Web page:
I looked at her and saw an image that was surreal.
How can I attain it? It was very beautiful, but maybe that’s why it’s in a magazine?
I searched for a very long time but couldn’t find that perfect smile, and the teeth and oh!! those eyes. Maybe somewhere in Europe?
I later ended up seeing a shrink, and her first line of action is to reassure me and that it’s normal and more common than I think. After all, all we really have access to are the numerous threads on forums and we see that they’re far from alone in this area as well. It’s not something that’s discussed in Cosmo and Vogue, but it’s a line of thought that’s alive and well in the psyches of thousands of women and men.
We then spoke about breaking down the flimsy definition of attraction that our culture propagates. Because our culture is obsessed with image, we define beauty only as what is apparent to the camera’s eye. It’s skin-deep, or less than skin-deep if you consider the amount of makeup, airbrushing, and photoshopping that is involved in creating a magazine photo. We carry this definition of beauty into our intimate relationships and assess our partners through this lens. We may consciously say, “I don’t expect him/her to look like a magazine photo,” but we nevertheless define attraction by the superficial criteria that we’ve absorbed since birth. How can we do otherwise? Cultural conditioning runs deep and it’s only with a great deal of awareness that we can re-wire these habitual ways of seeing.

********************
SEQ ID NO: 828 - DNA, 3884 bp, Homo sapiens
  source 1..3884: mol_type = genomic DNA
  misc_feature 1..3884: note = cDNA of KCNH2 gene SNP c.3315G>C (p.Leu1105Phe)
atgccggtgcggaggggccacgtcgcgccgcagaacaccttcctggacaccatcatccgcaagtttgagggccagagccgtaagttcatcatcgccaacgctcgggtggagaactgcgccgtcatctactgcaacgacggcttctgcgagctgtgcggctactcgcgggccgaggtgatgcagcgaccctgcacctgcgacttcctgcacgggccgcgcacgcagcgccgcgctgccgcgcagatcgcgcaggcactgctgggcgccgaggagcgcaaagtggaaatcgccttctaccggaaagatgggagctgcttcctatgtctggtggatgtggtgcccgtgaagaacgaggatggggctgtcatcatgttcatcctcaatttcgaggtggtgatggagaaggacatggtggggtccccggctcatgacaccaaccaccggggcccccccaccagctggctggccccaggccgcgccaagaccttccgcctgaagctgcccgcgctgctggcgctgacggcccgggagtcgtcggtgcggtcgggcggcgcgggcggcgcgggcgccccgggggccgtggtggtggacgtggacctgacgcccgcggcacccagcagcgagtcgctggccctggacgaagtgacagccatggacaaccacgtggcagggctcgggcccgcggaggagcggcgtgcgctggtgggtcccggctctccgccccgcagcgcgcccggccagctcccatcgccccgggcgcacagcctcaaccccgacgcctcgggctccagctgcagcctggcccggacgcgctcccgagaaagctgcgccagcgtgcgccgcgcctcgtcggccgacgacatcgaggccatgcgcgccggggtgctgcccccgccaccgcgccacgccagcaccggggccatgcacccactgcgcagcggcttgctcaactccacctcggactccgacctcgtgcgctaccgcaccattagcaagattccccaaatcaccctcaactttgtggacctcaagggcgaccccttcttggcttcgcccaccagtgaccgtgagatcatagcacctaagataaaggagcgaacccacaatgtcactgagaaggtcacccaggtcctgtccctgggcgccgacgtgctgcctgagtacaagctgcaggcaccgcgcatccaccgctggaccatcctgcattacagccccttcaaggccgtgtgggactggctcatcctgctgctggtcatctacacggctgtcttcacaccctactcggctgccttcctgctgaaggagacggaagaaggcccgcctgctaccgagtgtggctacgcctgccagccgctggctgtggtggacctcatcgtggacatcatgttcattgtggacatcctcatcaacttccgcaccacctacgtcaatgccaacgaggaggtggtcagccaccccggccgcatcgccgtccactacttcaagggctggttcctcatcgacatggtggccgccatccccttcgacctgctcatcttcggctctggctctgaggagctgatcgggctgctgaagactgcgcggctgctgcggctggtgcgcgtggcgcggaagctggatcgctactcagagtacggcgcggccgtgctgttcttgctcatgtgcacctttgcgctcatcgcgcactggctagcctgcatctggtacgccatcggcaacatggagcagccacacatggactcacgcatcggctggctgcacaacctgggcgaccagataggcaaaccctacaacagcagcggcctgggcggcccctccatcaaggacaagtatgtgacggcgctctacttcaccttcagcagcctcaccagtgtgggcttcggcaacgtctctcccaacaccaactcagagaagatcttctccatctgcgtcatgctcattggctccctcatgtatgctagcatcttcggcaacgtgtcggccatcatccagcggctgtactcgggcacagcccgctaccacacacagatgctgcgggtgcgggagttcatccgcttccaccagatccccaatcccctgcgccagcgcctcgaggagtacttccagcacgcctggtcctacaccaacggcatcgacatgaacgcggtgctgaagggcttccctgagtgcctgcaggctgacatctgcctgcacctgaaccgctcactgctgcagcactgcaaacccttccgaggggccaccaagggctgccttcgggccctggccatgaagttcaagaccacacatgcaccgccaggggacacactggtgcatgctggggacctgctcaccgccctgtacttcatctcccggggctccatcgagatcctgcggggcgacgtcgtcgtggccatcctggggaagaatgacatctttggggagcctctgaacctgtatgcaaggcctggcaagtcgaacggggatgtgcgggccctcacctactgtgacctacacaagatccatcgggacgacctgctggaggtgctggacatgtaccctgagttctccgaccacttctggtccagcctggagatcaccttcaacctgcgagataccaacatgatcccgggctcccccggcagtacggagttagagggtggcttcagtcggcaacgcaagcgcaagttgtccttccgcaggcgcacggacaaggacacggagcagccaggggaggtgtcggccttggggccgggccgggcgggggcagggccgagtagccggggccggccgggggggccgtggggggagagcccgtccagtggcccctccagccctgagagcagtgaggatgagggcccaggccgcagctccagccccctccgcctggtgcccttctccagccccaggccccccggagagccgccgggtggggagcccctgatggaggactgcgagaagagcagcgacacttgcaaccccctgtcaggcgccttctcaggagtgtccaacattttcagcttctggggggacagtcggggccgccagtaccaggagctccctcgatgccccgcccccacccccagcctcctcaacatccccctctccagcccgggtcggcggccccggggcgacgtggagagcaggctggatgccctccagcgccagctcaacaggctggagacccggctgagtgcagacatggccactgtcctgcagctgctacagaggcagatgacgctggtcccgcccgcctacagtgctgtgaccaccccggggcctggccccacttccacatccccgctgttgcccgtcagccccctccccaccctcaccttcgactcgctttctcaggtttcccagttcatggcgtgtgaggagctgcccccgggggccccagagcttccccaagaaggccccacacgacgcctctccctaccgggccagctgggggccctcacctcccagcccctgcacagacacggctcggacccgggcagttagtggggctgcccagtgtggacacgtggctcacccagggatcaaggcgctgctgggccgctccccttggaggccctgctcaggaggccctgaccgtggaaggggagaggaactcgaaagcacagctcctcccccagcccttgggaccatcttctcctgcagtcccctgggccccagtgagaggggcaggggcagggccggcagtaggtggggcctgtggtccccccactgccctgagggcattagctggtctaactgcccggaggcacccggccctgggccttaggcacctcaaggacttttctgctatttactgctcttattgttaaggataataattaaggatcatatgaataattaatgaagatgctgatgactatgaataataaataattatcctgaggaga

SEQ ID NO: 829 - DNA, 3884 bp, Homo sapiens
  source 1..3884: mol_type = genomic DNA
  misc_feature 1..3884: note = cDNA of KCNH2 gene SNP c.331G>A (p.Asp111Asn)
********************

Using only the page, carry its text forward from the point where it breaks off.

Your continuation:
So if attraction isn’t based on physical appearance, what is it about? It’s about “essence”. It’s about the person you see when all pretenses fade away. It’s about the light that emanates from his eyes or the radiance of her smile. It’s about seeing soul instead of personality, the sustaining beauty of true nature instead of the fleeting beauty of a pretty face. It’s about what draws you to your partner, what connects you, what makes you say “yes” to him or her and no to everyone else. It’s about that place that feels like home, when you can sit next to each other immersed in engaging conversation or content in comfortable silence. I want to start eliminating words such as “attraction” or “chemistry” from my vocabulary – both buzzwords and anxiety-spikes – and instead ask, “What draws me to my partner?” Let’s understand attraction like a magnetic pull instead of in terms of superficial beauty. For we’ve all known people who appear typically beautiful but as soon as they open their mouth, the spell is broken and their true, toad-like nature is revealed. And we’ve known the opposite scenario as well: the person our culture defines as physically unattractive but whose essence radiates such love, warmth, clarity, and goodness that they’re transformed into the fabled prince or princess.
I’d like to think of myself as a toad who won the heart of a princess.